(Copyright 1999. The Tattoo. All rights reserved.)

The Tattoo

--- Making a Permanent Impression Since 1994 ---

October 25, 1999

--- OPINION ---

In defense of teen apathy, cynicism

The Tattoo
Both mayoral candidates, Mike Werner and Frank Nicastro,
would like to see teens more involved in government.
Nicastro would like to see teens attend city council meetings
and Werner thinks teen political parties are a good idea.

Teens obviously have the opportunity to attend the meetings
or form mock political parties, but they aren't currently
participating. Why?

"It is pointless," said Sara Nadeau, a senior at Bristol Eastern
High School. "They're not going to listen to us anyway."

While some may think teens are apathetic and don't care
about life in general. On the average, teens would put their
time in government if they saw it had a purpose. But it
usually doesn't.

They learn about the government around them and see
nothing worth wasting time on. As students, they learn that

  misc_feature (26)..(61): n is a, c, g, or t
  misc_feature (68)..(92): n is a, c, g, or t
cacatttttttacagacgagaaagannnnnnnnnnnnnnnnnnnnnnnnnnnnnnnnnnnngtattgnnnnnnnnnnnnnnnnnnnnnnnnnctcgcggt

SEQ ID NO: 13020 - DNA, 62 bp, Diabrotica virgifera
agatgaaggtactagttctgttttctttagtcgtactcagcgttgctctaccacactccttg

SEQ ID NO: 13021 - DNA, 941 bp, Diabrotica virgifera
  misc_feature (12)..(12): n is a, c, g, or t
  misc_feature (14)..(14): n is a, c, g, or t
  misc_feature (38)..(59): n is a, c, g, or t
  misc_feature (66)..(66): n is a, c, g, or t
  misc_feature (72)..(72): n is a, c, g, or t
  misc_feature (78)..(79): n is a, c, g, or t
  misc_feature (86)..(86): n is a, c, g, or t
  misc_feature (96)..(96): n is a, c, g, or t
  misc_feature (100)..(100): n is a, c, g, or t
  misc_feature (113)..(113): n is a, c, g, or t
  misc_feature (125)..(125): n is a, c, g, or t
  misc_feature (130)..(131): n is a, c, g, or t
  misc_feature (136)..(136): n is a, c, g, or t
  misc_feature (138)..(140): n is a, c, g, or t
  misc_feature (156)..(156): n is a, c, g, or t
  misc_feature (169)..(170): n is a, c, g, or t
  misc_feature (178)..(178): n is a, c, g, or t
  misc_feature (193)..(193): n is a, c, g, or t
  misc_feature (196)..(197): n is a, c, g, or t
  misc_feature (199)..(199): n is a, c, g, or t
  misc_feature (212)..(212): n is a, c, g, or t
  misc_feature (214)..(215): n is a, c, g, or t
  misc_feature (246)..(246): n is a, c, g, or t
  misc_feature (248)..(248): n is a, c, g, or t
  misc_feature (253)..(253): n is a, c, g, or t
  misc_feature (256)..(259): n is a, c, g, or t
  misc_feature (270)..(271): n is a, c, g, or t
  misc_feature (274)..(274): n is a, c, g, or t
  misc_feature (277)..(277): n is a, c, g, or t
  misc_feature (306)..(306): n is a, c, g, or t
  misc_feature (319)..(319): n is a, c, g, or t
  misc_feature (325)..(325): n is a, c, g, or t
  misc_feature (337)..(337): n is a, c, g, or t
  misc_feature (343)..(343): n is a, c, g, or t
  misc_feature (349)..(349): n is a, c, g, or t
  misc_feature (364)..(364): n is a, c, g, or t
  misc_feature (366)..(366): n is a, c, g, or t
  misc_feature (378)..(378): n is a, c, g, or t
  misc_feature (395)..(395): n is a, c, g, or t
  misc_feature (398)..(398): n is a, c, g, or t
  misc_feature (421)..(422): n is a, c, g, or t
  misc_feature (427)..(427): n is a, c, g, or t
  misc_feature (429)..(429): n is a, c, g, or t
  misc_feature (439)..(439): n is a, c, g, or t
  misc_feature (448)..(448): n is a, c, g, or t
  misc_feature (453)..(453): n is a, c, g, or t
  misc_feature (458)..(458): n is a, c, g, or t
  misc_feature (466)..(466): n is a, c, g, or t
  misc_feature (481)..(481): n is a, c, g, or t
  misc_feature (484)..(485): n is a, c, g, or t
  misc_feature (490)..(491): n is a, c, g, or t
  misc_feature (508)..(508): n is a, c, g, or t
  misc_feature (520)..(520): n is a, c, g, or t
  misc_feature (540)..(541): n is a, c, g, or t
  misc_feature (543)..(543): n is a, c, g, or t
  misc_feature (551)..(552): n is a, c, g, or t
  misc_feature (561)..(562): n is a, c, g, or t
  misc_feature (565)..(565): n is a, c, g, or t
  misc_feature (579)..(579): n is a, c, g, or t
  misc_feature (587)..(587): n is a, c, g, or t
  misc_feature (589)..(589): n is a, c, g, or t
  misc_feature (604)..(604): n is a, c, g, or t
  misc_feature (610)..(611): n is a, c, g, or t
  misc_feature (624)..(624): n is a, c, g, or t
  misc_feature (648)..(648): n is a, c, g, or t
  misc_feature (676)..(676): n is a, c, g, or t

the people's vote for president is meaningless. They see the
majority of teachers are against block scheduling, yet we still
have it.

They learn that less than half of the voting population shows
up on election day. They see the political parties ganging up
on presidents for lying about sex.

They see day in and day out people frustrated with their
government and unhappy with its decisions. And when they
grow up, they see that those who have connections are the
ones that are heard.

Teens aren't apathetic, they are just realistic. They do have an
opinion, they just don't bother to voice it too loud. What's the
point when it will only lead to a sore throat?

Talking to the government should be a conversation between
two parties. Today it seems it's simply the people babbling to

All in all, what people put into government is what they
should get out. Those that put their two senses in, get the
government demanding cents and thatís it, just cents. 

The equation should be the people putting their ideas and the
government doing their ideas. That's the purpose of
government, doing the ideas of the people.

"It's important for us to develop our sense of civic duty," said
Matt Gaul, a senior at Eastern.

But, he said, "Basically there's a voting age for a reason. Our
opinions are too easily swayed by outside forces. While
politicians should be concerned about our needs, they might
not coincide with our opinions."

The problem is not that teens don't get involved, it's that
when they do, nothing is done.

The candidates can say all they want that teens should get
more involved in government, but if they don't pay attention,
we aren't going to respond.